This afternoon, Shoulder Cat had a near desperation to be held. He stretched up and batted at my thigh with his big, polydactyl paws and butted my hands with his head. When I picked him up, he set about rubbing his face all over my chin and shoving his fur up my nose. I couldn’t stop giggling as I held him! When he decided he would get a better vantage point of the room from my shoulder, though, I realized that maybe my arms were not the best place for him. While I can see how it would appear to be a perfectly reasonable path, to a cat, clawing his way to my shoulder via my chest was not my ideal route for him to take.
The sad thing about a cat rescue group is the simple fact that cats have needed to be rescued. Some are so nervous around humans that my unfamiliar presence made them refuse to leave the cat tree for food.
There was a gorgeous black cat tucked into a spacious crate who wanted nothing to do with me. He hissed in fear every time one of the other cats approached his cage (Honey, of course, found him fascinating and kept trying to stick her paws into his space). While I was there, word came around that there was a big rescue operation going on in a neighboring town and thirty cats had been rounded up. A volunteer was already on her way to pick up four of them to bring back to Kitty Connection.
Other cats were simply uninterested in me. There was a marmalade who blinked up at me once or twice and opted to return to his nap rather than come out to receive attention. There was a regal black cat who stared haughtily down at me from her window well perch. There was an elderly gray short-hair who watched everything impassively from atop a small filing cabinet. He was willing enough to receive some gentle skritches but showed no desire to seek them out.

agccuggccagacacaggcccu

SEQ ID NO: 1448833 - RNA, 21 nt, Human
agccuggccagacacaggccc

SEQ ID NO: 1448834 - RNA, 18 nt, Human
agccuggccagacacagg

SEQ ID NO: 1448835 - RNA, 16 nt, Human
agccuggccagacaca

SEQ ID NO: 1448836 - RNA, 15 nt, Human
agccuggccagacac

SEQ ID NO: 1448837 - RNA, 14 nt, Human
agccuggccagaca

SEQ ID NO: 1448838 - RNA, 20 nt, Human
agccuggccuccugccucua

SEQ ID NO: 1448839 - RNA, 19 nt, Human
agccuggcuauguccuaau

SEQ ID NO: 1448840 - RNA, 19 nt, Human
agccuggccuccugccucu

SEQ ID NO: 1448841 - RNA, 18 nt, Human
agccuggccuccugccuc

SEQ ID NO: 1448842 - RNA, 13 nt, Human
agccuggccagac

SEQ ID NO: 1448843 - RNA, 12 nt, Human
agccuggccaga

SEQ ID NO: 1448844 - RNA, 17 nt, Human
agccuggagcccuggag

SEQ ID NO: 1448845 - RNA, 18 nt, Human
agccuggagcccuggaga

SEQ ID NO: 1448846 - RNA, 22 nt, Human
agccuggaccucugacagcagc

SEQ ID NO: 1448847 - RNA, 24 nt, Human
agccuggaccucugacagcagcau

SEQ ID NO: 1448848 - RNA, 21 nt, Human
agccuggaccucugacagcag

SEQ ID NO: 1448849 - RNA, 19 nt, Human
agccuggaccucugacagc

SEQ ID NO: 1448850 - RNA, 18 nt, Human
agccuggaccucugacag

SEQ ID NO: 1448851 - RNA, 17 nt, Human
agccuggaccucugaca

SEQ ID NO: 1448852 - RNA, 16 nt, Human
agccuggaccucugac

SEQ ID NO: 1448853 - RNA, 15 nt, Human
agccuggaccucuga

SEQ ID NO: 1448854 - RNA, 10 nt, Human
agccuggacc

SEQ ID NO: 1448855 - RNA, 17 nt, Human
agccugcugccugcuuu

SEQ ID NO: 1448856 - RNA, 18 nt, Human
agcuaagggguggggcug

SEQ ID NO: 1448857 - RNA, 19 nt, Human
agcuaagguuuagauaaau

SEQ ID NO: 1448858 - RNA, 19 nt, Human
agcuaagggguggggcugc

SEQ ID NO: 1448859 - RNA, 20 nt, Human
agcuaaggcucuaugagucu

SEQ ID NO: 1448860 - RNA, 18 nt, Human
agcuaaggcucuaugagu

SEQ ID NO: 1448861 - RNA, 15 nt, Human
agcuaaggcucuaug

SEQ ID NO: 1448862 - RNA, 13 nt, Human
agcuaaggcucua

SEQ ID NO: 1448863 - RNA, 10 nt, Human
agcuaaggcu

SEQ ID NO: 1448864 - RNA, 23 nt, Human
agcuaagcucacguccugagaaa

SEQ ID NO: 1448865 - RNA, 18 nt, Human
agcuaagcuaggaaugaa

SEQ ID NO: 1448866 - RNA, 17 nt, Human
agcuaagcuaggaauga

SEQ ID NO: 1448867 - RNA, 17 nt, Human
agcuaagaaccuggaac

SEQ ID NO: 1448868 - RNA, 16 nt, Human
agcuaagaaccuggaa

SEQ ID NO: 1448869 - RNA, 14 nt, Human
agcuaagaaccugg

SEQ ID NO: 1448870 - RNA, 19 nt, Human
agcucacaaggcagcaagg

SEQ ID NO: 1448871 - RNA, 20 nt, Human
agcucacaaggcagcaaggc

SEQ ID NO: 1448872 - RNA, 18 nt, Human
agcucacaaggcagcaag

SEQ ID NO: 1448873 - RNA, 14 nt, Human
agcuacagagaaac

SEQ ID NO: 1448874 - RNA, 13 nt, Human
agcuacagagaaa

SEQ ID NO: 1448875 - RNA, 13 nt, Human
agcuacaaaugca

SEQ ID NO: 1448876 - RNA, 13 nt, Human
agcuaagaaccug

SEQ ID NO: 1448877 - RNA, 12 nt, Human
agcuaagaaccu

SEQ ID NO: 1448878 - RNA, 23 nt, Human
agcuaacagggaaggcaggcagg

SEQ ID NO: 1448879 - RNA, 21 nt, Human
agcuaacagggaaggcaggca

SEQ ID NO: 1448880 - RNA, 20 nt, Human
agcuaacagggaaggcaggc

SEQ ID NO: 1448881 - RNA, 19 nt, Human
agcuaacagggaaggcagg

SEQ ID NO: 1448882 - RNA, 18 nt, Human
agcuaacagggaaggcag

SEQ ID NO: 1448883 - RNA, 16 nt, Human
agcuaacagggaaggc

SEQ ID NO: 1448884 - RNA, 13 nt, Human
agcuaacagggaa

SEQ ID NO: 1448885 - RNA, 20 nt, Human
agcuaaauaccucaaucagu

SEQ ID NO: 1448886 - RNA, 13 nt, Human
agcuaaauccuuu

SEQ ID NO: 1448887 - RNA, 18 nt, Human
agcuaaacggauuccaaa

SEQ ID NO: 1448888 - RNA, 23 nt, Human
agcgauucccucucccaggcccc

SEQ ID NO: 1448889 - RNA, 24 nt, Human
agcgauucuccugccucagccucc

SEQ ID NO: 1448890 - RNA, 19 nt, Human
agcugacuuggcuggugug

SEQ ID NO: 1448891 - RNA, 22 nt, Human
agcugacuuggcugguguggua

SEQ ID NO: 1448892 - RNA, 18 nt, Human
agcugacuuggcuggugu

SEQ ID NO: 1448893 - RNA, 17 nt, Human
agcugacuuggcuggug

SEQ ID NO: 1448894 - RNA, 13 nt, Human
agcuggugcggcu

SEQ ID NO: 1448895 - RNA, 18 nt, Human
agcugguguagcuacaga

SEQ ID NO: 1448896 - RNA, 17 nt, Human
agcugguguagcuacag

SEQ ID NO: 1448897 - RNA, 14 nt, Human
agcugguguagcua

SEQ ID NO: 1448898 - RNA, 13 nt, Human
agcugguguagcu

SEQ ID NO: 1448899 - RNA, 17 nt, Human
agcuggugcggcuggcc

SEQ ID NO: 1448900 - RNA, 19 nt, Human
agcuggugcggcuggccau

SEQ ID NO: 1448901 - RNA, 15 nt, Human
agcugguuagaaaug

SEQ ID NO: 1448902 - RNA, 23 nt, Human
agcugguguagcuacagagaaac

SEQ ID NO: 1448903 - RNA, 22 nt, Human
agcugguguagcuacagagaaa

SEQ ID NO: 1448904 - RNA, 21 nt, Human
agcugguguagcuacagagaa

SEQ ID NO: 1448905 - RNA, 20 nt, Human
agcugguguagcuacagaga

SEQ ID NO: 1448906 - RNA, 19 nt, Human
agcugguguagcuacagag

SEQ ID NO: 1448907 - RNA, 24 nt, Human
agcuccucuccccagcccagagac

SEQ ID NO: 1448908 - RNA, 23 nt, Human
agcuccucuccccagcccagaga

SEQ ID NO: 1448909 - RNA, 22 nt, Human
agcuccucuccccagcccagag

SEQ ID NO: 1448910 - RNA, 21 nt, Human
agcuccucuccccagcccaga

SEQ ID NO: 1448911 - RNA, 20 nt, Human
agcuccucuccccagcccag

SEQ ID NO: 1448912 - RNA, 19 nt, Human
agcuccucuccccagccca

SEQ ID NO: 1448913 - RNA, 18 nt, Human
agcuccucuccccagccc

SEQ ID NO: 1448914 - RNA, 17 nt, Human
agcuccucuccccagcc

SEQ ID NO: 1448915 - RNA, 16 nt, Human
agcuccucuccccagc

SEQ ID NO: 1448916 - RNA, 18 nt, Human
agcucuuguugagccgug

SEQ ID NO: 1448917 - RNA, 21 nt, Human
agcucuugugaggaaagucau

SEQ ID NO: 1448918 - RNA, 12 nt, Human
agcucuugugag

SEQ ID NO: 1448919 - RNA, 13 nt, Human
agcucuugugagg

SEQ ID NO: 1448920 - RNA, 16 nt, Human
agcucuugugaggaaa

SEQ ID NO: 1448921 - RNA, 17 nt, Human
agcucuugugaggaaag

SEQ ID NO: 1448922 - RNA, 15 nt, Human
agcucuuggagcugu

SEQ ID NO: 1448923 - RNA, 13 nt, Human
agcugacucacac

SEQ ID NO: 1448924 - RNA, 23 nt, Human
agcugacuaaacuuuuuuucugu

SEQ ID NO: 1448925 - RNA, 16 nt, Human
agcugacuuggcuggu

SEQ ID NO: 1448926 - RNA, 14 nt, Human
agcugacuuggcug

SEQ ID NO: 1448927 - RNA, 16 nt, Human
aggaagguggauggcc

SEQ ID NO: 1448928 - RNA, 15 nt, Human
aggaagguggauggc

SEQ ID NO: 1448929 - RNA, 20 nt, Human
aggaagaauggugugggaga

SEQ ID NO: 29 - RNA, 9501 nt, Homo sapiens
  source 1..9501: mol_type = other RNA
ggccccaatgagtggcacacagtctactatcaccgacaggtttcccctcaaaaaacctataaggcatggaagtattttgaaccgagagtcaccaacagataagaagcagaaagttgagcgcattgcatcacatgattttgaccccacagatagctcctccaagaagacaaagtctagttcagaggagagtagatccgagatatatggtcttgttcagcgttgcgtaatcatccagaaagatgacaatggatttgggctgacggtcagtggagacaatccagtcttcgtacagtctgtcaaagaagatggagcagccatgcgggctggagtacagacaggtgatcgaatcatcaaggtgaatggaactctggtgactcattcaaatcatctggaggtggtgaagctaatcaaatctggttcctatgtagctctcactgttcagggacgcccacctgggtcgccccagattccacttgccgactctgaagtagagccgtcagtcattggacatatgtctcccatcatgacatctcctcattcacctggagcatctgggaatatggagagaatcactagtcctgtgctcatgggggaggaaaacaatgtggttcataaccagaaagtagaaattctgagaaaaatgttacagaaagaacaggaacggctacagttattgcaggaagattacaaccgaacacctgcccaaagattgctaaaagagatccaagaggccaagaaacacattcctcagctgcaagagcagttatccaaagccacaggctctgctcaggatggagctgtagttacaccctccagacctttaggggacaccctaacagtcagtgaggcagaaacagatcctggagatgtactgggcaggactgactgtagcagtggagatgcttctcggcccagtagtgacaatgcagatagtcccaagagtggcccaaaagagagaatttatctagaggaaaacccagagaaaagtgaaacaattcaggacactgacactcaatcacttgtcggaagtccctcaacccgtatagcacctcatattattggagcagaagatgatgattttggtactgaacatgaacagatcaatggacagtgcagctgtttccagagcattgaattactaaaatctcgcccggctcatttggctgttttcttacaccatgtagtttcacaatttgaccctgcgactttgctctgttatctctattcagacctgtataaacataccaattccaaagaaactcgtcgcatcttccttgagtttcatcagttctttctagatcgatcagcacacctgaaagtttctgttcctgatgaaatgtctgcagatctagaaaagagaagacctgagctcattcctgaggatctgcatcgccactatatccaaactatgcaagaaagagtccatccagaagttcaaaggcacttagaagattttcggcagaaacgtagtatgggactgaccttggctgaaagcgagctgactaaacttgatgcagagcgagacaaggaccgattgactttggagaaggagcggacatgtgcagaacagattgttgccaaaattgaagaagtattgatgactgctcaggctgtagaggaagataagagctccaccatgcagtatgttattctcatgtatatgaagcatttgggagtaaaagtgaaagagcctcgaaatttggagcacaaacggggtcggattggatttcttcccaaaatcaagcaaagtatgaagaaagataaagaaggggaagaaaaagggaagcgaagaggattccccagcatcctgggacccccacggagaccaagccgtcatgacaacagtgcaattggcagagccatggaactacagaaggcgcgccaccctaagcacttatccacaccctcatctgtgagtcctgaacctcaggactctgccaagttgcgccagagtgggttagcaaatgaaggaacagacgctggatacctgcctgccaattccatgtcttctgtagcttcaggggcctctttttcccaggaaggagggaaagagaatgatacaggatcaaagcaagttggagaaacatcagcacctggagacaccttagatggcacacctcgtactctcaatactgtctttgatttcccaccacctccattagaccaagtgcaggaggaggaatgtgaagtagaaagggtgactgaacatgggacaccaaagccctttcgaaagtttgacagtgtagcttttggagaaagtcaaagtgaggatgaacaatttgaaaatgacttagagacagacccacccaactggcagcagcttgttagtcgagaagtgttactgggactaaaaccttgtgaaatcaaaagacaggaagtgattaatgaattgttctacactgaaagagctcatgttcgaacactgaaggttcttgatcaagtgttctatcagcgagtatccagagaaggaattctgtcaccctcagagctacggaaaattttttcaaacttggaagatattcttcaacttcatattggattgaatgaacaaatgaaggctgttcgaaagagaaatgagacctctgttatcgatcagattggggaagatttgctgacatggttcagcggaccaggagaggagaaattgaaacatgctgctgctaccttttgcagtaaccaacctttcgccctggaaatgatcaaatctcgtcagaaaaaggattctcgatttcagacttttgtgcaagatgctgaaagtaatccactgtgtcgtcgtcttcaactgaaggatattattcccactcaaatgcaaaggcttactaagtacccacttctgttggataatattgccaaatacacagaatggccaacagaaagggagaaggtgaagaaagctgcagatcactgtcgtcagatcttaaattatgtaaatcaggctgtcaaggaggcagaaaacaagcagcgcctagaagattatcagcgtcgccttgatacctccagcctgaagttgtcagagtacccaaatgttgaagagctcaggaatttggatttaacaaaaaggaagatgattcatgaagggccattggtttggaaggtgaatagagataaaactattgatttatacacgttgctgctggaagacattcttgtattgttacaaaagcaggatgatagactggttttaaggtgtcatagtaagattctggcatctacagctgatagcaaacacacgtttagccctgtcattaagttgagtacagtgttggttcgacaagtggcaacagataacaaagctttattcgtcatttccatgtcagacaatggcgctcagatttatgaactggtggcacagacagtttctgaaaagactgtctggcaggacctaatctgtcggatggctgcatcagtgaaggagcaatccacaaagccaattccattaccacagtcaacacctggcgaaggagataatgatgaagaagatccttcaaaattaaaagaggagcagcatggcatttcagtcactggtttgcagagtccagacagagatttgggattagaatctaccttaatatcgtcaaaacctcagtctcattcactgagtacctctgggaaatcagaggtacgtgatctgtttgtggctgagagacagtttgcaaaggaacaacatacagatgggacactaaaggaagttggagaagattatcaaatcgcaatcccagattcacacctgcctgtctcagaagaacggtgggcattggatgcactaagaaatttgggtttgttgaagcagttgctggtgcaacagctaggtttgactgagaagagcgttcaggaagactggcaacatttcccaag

And there was Chuck.
Once he finally deigned to sniff my hand and decided that I was allowed to pet him, this boy engaged in a thoroughly hilarious dance of rolling and twisting and twitching. Half the time, it seemed as though he was perfectly capable of getting a passable experience of “petting” out of squirming around in his chosen tree. I think he liked having an audience to show off for more than he cared about having a hand to stroke his fur.
I am an obsessive animal person. One of the biggest disappointments of college was that I wasn’t allowed to have a pet in the dorms. Once I got out of the dorms and into apartment life, I realized that supporting myself meant that I couldn’t afford to keep a pet. The cat I had left at home with my parents passed away while I was in grad school and I was too raw to think about a companion animal for a while. Working full-time earned me barely enough money to feed myself, let alone another creature. Now that I’m living on my own, my resources and my time are so stretched that it would be nothing but cruel to have so much as a fish tank. Working with Kitty Connection is something that I think I have desperately, deeply, needed.
Cats are fascinating creatures. I know my sister would dispute me on this, since she’s never really been crazy about cats to begin with and grew to loathe them when she became a homeowner whose lawn was widely regarded as a public litterbox. I, on the other hand, adore their unique personalities and their vast array of quirks. I am what might be called “violently” allergic to cats but the moment I see one I have to use all of my restraint to keep from picking it up and burying my face in its fur. I love dogs as well but there’s an entertainment value in a cat that few dogs I have encountered could hope to match.
Cats are a puzzle. They are stimulated by the most bizarre, random things and react unpredictably to things they have encountered a dozen times before. They are a source of never ending delight to me.
And, really, what human isn’t jealous of the ability to purr?